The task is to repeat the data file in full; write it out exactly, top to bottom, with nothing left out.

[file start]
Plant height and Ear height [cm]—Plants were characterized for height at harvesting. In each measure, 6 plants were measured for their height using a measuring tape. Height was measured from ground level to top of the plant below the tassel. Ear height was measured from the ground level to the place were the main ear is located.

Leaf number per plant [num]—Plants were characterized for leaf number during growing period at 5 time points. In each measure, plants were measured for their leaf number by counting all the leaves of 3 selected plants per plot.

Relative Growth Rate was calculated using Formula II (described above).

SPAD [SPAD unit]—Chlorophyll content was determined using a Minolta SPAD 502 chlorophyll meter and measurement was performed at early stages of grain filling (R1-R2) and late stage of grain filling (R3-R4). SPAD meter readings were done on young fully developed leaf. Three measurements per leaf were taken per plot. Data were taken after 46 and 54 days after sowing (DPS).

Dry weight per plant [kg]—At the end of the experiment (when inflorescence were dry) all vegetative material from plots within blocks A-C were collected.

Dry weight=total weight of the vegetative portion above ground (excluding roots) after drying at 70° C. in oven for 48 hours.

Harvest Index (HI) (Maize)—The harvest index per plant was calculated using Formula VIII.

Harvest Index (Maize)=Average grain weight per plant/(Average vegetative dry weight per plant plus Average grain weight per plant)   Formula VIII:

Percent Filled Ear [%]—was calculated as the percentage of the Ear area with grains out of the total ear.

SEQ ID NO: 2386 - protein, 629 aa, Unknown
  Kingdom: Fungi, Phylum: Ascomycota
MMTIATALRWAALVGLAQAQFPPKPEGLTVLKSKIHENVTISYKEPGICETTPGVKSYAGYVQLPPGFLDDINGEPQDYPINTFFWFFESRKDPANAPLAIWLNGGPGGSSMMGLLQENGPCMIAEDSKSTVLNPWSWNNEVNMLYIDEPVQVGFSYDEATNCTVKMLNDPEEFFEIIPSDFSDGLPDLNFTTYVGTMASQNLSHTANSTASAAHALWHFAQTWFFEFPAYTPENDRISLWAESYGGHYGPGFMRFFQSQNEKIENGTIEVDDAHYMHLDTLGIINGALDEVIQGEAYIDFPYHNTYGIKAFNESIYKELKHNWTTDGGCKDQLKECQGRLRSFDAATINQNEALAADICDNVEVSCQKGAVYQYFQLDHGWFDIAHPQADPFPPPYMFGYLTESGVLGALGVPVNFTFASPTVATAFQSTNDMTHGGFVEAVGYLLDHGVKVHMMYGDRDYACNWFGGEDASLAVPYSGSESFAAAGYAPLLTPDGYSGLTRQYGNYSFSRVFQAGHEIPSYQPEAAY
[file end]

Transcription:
Plant height and Ear height [cm]—Plants were characterized for height at harvesting. In each measure, 6 plants were measured for their height using a measuring tape. Height was measured from ground level to top of the plant below the tassel. Ear height was measured from the ground level to the place were the main ear is located.

Leaf number per plant [num]—Plants were characterized for leaf number during growing period at 5 time points. In each measure, plants were measured for their leaf number by counting all the leaves of 3 selected plants per plot.

Relative Growth Rate was calculated using Formula II (described above).

SPAD [SPAD unit]—Chlorophyll content was determined using a Minolta SPAD 502 chlorophyll meter and measurement was performed at early stages of grain filling (R1-R2) and late stage of grain filling (R3-R4). SPAD meter readings were done on young fully developed leaf. Three measurements per leaf were taken per plot. Data were taken after 46 and 54 days after sowing (DPS).

Dry weight per plant [kg]—At the end of the experiment (when inflorescence were dry) all vegetative material from plots within blocks A-C were collected.

Dry weight=total weight of the vegetative portion above ground (excluding roots) after drying at 70° C. in oven for 48 hours.

Harvest Index (HI) (Maize)—The harvest index per plant was calculated using Formula VIII.

Harvest Index (Maize)=Average grain weight per plant/(Average vegetative dry weight per plant plus Average grain weight per plant)   Formula VIII:

Percent Filled Ear [%]—was calculated as the percentage of the Ear area with grains out of the total ear.

SEQ ID NO: 2386 - protein, 629 aa, Unknown
  Kingdom: Fungi, Phylum: Ascomycota
MMTIATALRWAALVGLAQAQFPPKPEGLTVLKSKIHENVTISYKEPGICETTPGVKSYAGYVQLPPGFLDDINGEPQDYPINTFFWFFESRKDPANAPLAIWLNGGPGGSSMMGLLQENGPCMIAEDSKSTVLNPWSWNNEVNMLYIDEPVQVGFSYDEATNCTVKMLNDPEEFFEIIPSDFSDGLPDLNFTTYVGTMASQNLSHTANSTASAAHALWHFAQTWFFEFPAYTPENDRISLWAESYGGHYGPGFMRFFQSQNEKIENGTIEVDDAHYMHLDTLGIINGALDEVIQGEAYIDFPYHNTYGIKAFNESIYKELKHNWTTDGGCKDQLKECQGRLRSFDAATINQNEALAADICDNVEVSCQKGAVYQYFQLDHGWFDIAHPQADPFPPPYMFGYLTESGVLGALGVPVNFTFASPTVATAFQSTNDMTHGGFVEAVGYLLDHGVKVHMMYGDRDYACNWFGGEDASLAVPYSGSESFAAAGYAPLLTPDGYSGLTRQYGNYSFSRVFQAGHEIPSYQPEAAY